Skip to main content

Driver assistance technologies are not all created equally

Driver assistance technologies are not all created equally


Some work well, but some are more annoying than helpful

Share this story


By now, it’s hard not to come across some new car with a suite of technologies that force you to stay in your lane or not crash into the car you’re following.

Just a few years ago, these systems were most commonly found on luxury cars and were options that were rarely ordered. However, that’s rapidly changing as some of the most popular new cars are being offered with lane departure prevention, automatic forward braking and adaptive cruise control. Some of this is due to changing vehicle requirements. From 2022, all new cars will get automatic emergency braking as standard under a pact automakers made with the US government. And these are in cars that can cost less than $20,000 – far less than the $34,646 average new car price in August 2017.

Lane departure and blind spot warnings have been shown to reduce some crashes, according to a recent study from the Insurance Institute for Highway Safety. But not all of these systems are executed as well as others, sometimes to the point of them being more annoying than useful.

Nissan is about to launch its ProPILOT Assist system on a number of its new cars, after making automatic emergency braking standard on most of their 2018 US lineup. ProPILOT Assist, however, sets the template for the company’s eventual self-driving push. For now, though, its abilities are mostly limited to driver assistance on highways – still a useful feature for most buyers.

I recently tried this on a modified Nissan Rogue in Los Angeles and the system was possibly the best I’d used in a mainstream-brand vehicle. One button on the steering wheel turns the system on and radars and cameras monitor where the lane markings are and how far the car is from other objects. In typical Wednesday morning traffic near Downtown LA, it was easy to get the Rogue up to speed and set both ProPILOT Assist and the adaptive cruise control to maintain a safe distance from the car in front of me as well as being able to stay in a lane without much input on the steering wheel. In this setting, ProPILOT Assist worked as reliably as a similar system from a luxury brand or Tesla.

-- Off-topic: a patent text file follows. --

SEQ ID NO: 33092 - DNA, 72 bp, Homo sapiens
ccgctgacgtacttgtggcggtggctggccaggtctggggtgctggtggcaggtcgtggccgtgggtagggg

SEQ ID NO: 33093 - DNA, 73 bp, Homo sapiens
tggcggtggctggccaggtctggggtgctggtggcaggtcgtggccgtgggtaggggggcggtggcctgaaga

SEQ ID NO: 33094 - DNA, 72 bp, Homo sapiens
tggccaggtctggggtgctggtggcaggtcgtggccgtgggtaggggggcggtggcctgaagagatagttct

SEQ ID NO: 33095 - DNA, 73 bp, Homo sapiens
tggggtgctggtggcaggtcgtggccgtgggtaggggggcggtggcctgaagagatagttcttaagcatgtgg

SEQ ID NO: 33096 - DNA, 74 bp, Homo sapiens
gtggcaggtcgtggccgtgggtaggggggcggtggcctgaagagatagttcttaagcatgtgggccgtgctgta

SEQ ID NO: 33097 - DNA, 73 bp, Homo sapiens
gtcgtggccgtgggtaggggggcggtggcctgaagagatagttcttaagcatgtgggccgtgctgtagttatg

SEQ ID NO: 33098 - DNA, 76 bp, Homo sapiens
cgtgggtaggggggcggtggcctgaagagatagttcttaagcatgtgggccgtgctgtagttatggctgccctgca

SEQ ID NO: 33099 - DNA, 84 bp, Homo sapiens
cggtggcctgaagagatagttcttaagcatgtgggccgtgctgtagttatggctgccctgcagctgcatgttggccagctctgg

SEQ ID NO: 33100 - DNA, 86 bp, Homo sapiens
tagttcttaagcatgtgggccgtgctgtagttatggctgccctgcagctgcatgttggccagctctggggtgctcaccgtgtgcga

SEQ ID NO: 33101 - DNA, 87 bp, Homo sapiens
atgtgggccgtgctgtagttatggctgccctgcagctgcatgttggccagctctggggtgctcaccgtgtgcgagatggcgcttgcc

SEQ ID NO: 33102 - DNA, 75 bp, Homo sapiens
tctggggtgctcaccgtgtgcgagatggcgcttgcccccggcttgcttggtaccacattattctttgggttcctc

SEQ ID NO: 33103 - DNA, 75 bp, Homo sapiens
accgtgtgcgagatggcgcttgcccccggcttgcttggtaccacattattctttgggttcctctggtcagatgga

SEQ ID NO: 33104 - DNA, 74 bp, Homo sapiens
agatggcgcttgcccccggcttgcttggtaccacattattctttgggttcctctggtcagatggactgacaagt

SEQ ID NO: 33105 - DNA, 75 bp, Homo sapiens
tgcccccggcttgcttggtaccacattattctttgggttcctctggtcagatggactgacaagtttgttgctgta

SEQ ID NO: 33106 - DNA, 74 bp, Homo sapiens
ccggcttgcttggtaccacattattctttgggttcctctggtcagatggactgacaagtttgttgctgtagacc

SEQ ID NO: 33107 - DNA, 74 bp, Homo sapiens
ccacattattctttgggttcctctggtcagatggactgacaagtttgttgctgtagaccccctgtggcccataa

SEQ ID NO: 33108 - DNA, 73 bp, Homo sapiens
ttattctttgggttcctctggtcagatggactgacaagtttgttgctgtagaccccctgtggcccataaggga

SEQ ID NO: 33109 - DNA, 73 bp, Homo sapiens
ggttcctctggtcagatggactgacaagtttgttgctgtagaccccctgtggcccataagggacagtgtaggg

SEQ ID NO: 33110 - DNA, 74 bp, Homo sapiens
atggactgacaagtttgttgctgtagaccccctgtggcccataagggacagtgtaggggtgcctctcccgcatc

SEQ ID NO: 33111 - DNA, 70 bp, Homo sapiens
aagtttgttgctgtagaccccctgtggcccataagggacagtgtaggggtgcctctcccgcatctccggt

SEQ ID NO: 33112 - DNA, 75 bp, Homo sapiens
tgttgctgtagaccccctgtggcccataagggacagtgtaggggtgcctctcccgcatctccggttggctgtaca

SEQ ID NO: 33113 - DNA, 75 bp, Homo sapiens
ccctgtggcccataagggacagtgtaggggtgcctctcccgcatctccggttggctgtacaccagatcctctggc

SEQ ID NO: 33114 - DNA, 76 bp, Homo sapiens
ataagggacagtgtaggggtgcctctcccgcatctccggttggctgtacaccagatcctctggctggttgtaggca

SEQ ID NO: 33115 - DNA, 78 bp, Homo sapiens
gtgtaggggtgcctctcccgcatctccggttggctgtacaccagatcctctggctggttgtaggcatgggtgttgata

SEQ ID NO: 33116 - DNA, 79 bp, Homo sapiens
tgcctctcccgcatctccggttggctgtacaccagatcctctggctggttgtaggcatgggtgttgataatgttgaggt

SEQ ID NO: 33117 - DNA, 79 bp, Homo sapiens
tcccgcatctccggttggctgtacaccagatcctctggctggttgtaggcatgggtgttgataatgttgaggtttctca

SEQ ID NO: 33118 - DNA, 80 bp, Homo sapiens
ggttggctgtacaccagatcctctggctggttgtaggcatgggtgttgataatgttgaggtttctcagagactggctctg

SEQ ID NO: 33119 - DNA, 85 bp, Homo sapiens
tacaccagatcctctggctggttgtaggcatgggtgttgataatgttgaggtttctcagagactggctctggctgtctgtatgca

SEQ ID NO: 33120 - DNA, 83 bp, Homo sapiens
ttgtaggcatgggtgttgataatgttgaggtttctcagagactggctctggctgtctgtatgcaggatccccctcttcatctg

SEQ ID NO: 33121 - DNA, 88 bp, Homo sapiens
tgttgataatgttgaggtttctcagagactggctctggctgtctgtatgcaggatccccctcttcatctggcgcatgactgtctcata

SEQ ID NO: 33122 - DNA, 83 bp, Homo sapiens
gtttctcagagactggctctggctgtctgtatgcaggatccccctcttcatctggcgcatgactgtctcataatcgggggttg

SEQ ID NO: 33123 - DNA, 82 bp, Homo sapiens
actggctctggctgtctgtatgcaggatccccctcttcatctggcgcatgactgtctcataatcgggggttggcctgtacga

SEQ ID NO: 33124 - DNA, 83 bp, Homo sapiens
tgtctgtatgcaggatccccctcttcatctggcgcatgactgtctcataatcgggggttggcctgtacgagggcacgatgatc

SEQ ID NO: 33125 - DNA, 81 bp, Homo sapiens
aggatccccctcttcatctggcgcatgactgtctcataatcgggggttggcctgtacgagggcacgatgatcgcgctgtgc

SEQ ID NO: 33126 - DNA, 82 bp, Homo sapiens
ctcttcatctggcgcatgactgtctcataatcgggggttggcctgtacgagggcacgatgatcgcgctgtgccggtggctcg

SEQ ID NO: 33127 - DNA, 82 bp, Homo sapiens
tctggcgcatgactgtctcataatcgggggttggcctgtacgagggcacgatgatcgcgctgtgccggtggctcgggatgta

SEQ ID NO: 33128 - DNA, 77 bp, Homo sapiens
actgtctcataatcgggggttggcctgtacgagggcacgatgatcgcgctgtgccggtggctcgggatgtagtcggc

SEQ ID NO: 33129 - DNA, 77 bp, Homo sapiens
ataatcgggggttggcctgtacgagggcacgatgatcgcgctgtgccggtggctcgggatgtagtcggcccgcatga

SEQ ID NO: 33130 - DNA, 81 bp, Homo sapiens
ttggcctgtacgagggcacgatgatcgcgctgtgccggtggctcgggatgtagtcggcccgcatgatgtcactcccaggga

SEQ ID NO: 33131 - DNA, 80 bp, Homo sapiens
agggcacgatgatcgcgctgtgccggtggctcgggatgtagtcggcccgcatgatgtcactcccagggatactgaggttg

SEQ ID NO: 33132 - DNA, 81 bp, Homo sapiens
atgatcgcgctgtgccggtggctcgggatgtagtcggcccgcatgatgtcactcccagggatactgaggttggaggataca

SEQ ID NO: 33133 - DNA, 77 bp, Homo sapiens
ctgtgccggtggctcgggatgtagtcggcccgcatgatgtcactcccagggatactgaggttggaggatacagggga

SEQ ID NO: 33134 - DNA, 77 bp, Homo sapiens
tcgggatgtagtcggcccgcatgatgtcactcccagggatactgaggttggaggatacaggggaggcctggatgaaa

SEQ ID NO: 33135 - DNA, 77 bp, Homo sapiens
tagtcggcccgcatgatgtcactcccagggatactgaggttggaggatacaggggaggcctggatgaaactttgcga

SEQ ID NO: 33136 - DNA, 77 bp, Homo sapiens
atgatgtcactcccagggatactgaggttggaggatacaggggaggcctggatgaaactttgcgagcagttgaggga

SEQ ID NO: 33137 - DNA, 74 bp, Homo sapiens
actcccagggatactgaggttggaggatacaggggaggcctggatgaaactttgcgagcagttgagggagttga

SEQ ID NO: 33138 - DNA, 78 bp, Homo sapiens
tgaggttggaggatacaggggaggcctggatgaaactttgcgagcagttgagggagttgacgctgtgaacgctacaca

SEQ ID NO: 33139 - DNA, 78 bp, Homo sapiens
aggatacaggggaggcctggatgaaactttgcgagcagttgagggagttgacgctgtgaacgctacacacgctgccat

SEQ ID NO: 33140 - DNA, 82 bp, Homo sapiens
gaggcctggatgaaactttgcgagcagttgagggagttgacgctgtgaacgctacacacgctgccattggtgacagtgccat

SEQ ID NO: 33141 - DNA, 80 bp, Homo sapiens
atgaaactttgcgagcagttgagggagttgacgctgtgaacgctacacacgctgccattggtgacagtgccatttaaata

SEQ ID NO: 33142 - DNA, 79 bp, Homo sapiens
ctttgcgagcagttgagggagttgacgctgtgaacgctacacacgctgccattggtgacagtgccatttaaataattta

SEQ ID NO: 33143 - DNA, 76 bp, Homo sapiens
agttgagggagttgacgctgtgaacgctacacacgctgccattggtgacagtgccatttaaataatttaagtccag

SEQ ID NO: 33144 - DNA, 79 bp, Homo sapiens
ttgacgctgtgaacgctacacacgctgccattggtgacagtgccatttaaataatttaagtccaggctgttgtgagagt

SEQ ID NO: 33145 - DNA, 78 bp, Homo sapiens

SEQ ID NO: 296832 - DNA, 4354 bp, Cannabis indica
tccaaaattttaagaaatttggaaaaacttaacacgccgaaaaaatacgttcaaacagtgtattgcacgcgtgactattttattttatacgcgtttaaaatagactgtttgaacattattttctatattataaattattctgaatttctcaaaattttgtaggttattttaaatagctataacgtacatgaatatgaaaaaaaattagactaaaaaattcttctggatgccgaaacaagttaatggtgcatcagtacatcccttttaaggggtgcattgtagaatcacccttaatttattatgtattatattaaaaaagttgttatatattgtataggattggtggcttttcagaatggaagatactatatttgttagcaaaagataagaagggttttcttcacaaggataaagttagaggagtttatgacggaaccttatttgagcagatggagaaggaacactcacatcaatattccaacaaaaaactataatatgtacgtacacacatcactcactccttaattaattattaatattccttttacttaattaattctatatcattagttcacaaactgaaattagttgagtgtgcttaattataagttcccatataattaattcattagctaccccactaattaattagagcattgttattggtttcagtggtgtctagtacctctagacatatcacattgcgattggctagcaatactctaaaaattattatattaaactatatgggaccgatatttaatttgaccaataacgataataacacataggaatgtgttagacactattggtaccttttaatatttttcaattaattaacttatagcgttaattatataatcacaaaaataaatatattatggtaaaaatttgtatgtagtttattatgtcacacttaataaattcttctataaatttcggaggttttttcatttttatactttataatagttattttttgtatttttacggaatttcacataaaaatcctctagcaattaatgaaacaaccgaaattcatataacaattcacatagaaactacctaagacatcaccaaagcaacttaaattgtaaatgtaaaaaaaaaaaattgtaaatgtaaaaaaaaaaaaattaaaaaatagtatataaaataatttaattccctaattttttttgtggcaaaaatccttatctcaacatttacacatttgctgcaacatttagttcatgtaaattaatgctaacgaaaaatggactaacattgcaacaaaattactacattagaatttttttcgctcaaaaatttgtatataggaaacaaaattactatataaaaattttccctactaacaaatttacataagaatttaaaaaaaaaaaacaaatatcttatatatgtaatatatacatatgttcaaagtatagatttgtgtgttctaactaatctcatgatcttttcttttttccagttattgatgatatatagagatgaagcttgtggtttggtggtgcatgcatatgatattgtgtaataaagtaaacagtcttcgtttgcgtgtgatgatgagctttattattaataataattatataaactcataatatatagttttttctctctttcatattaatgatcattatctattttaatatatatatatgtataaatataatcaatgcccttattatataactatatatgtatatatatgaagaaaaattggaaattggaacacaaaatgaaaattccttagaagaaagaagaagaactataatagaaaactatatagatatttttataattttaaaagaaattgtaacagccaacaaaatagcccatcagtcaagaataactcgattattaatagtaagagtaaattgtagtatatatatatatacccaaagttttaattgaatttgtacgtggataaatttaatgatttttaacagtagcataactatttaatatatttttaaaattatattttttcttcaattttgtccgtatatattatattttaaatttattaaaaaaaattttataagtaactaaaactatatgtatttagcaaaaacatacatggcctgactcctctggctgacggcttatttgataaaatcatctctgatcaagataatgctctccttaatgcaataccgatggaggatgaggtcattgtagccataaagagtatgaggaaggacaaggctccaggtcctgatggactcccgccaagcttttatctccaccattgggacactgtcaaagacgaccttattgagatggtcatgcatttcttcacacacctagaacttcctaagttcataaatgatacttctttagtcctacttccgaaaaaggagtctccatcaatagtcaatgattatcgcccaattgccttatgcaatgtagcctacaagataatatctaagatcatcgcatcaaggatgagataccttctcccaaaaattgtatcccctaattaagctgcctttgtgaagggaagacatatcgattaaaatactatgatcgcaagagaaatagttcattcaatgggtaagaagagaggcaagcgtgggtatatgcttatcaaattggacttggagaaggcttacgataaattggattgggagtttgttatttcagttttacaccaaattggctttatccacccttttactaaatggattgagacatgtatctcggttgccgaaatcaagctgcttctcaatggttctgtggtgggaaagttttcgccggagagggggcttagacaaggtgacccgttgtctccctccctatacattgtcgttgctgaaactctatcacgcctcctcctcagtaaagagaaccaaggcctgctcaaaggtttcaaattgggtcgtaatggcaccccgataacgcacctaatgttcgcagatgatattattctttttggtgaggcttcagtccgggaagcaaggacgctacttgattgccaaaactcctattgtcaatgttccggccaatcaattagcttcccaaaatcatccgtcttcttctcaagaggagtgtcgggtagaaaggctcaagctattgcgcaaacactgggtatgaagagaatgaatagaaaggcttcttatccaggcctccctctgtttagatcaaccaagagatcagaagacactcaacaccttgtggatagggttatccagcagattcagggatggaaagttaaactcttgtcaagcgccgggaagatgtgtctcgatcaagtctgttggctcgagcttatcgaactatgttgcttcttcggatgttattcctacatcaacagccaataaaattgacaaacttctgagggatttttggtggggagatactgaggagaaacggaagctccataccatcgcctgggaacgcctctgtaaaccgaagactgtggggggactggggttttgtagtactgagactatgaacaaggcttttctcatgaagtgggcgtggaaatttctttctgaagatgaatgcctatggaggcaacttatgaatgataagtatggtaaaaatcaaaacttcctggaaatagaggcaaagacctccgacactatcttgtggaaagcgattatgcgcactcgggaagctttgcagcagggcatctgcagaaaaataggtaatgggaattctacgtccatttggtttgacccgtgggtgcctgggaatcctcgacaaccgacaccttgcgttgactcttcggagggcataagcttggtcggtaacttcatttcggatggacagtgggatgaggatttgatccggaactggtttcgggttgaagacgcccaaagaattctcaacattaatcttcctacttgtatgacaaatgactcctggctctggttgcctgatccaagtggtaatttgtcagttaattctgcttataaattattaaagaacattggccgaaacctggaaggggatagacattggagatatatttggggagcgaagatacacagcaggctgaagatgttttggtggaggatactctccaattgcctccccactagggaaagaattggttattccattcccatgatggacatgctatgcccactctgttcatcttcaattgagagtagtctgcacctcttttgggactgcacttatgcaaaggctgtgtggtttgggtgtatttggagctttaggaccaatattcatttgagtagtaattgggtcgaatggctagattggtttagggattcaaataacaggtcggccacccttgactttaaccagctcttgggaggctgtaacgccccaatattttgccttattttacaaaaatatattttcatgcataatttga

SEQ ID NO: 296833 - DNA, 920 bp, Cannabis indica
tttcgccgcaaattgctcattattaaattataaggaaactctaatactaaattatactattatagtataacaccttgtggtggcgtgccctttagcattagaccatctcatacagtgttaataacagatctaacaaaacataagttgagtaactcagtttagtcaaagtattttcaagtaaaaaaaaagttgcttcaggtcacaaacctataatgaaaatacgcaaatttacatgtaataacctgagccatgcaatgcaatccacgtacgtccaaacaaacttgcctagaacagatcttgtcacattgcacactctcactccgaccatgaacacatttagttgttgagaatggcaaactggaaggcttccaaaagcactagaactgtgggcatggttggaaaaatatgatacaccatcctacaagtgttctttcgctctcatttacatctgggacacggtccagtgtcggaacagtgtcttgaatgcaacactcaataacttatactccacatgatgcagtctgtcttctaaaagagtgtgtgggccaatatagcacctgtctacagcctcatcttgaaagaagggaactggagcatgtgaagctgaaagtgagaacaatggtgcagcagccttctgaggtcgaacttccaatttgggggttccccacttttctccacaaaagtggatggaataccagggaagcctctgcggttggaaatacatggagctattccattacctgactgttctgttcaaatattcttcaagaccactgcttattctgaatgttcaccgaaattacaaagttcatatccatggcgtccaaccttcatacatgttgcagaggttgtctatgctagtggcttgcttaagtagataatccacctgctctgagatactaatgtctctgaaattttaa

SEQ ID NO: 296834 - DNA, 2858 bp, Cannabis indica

But while driving the 2018 Nissan Leaf on a Nevada highway, ProPILOT wasn’t able to keep that car in the intended lane nearly as well as it did on the Rogue. The Nissan engineer in the seat next to me chalked it up to ProPILOT being confused by the Botts’ Dots used to mark the lanes in Nevada rather than the painted lines in LA.

Even on this early Leaf example, though, ProPILOT Assist seemed like a promising sign the technology is moving forward significantly – ahead of greater acceptance and more mainstream cars being offered with it. Nissan may have taken its time, but taking their time may have paid off.

Honda is ahead of Nissan by a couple of years in offering their low-priced cars with a suite of driver assistance technologies under the Honda Sensing banner. The 2018 Honda Fit is one of the least expensive new cars on sale in the U.S. and now is one of the least expensive to offer features such as adaptive cruise control and automatic emergency braking. At just less than $19,000, a Fit can be equipped with the Honda Sensing group of driver assistance technologies – many of which have, until now, been more available on larger, more expensive vehicles.

The Fit is the sort of car that doesn’t appeal to just one group. Because it starts at around $18,000, it’s a popular first new car for young adults who need one vehicle that’s efficient, easy to park and can hold a city apartment’s worth of stuff. For older drivers, its tall doors and simple controls makes it easy to live with. It’s perhaps a little more mainstream than a $30,000, fully electric Nissan.

Which is why it’s concerning that a Fit with Honda Sensing may be some people’s introduction to driver assistance technologies. Standard on some versions of the Fit, the system incorporates largely the same functions at the Nissan system. Yet it feels at least a generation behind ProPILOT Assist, let alone what some of the luxury brands offer. It’s not that the Fit is dangerous, but it certainly frustrates as you fight it sometimes to stop the car from being too distracted by the lane markings, or wonder if it will slow you gradually or make an abrupt emergency stop.

The other frustrating thing is that Honda does it better in more recent products like the Civic and CR-V, and yet some older tech still filters into their other cars. Go into a Honda showroom and compare a Fit and Civic, and you may not realize the two have similar features that operate very differently.

It’s been established early adopters are more forgiving of driver technology shortcomings, even if federal regulators insist they aren’t ready. While that may be fine with a Tesla customer, drivers who are less comfortable with any level of self-driving technology may be put off – especially if tech isn’t that well executed. Considering these systems have been around for more than a decade, there are fewer and fewer reasons for them lacking sophistication when they do make it to mainstream cars.